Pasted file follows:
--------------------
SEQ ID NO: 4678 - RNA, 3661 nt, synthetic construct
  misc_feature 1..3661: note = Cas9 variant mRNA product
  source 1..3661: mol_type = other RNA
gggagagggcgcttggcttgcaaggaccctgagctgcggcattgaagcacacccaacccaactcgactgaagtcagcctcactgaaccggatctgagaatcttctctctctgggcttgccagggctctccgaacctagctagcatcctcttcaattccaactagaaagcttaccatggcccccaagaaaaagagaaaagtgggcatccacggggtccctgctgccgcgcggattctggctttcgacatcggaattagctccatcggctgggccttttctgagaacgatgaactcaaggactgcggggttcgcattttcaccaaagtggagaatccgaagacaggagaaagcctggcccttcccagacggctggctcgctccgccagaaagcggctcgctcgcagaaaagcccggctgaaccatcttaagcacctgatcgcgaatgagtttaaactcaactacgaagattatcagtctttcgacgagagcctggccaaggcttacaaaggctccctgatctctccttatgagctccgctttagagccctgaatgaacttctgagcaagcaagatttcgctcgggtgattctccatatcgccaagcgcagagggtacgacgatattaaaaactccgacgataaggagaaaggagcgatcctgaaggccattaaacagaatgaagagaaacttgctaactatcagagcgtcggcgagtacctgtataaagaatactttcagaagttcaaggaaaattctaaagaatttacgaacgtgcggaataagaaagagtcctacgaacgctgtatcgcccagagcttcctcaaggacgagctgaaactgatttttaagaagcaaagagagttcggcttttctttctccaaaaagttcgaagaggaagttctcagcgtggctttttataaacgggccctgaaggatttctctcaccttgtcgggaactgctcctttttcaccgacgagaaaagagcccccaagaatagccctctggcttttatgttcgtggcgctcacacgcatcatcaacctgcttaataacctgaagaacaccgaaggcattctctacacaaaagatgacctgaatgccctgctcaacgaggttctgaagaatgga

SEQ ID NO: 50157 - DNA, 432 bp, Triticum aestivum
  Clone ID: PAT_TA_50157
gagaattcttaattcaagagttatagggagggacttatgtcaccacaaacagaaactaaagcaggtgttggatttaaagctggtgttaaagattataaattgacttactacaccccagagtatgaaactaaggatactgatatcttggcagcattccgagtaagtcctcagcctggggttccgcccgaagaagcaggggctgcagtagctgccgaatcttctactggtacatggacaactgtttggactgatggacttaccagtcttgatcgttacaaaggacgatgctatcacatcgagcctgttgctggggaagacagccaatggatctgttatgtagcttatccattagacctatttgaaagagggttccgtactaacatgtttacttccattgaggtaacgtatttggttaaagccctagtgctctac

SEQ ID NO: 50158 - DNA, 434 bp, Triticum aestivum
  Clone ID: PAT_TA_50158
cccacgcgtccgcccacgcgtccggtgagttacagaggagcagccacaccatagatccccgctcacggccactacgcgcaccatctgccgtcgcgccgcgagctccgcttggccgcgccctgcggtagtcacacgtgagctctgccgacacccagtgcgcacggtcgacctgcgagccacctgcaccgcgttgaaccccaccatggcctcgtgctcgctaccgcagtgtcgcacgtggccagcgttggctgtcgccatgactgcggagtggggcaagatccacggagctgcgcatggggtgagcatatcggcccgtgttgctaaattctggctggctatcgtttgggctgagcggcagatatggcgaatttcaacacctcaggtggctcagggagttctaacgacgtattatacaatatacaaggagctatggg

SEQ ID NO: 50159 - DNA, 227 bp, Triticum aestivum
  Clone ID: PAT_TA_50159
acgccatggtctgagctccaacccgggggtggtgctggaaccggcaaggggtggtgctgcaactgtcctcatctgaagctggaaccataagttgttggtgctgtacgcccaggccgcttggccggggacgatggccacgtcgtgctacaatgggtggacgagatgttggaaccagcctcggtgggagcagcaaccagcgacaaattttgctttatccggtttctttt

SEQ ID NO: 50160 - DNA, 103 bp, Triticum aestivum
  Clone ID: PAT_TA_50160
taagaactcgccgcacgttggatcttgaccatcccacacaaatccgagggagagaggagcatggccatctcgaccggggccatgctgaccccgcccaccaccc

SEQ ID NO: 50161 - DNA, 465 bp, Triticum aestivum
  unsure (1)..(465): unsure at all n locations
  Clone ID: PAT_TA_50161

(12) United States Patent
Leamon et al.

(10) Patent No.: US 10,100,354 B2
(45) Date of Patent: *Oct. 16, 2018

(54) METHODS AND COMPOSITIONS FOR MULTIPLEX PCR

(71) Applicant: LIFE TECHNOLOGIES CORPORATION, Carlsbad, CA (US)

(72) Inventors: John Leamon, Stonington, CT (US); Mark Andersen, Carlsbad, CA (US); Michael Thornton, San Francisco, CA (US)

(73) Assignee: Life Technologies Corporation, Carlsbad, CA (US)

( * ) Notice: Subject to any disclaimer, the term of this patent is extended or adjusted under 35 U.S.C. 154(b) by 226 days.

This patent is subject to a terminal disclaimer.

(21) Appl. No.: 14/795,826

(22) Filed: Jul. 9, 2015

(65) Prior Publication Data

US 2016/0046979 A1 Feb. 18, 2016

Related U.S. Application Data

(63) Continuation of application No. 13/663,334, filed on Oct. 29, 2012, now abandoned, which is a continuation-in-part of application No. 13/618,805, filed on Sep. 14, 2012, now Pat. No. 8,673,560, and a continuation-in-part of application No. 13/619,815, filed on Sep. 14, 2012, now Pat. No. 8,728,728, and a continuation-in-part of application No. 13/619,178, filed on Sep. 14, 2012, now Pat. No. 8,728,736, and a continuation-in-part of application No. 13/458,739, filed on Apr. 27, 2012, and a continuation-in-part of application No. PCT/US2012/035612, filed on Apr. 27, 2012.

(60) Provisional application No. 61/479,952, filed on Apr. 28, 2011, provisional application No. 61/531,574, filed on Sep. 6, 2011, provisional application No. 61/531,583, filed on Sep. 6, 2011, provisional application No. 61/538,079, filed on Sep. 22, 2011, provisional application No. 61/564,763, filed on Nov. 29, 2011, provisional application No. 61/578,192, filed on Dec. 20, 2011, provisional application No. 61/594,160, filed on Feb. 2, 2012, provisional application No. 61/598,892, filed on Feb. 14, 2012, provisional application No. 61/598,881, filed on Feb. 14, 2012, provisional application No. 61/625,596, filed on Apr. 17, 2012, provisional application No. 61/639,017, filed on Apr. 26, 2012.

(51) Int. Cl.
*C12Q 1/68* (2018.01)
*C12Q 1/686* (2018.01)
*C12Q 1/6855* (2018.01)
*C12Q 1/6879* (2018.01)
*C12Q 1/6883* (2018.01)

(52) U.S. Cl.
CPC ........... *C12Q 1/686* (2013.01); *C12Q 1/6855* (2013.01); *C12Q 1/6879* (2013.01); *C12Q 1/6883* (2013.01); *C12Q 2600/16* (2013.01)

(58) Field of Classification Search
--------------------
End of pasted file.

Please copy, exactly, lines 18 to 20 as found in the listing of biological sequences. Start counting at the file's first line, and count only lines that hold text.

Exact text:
  unsure (1)..(465): unsure at all n locations
  Clone ID: PAT_TA_50161

(12) United States Patent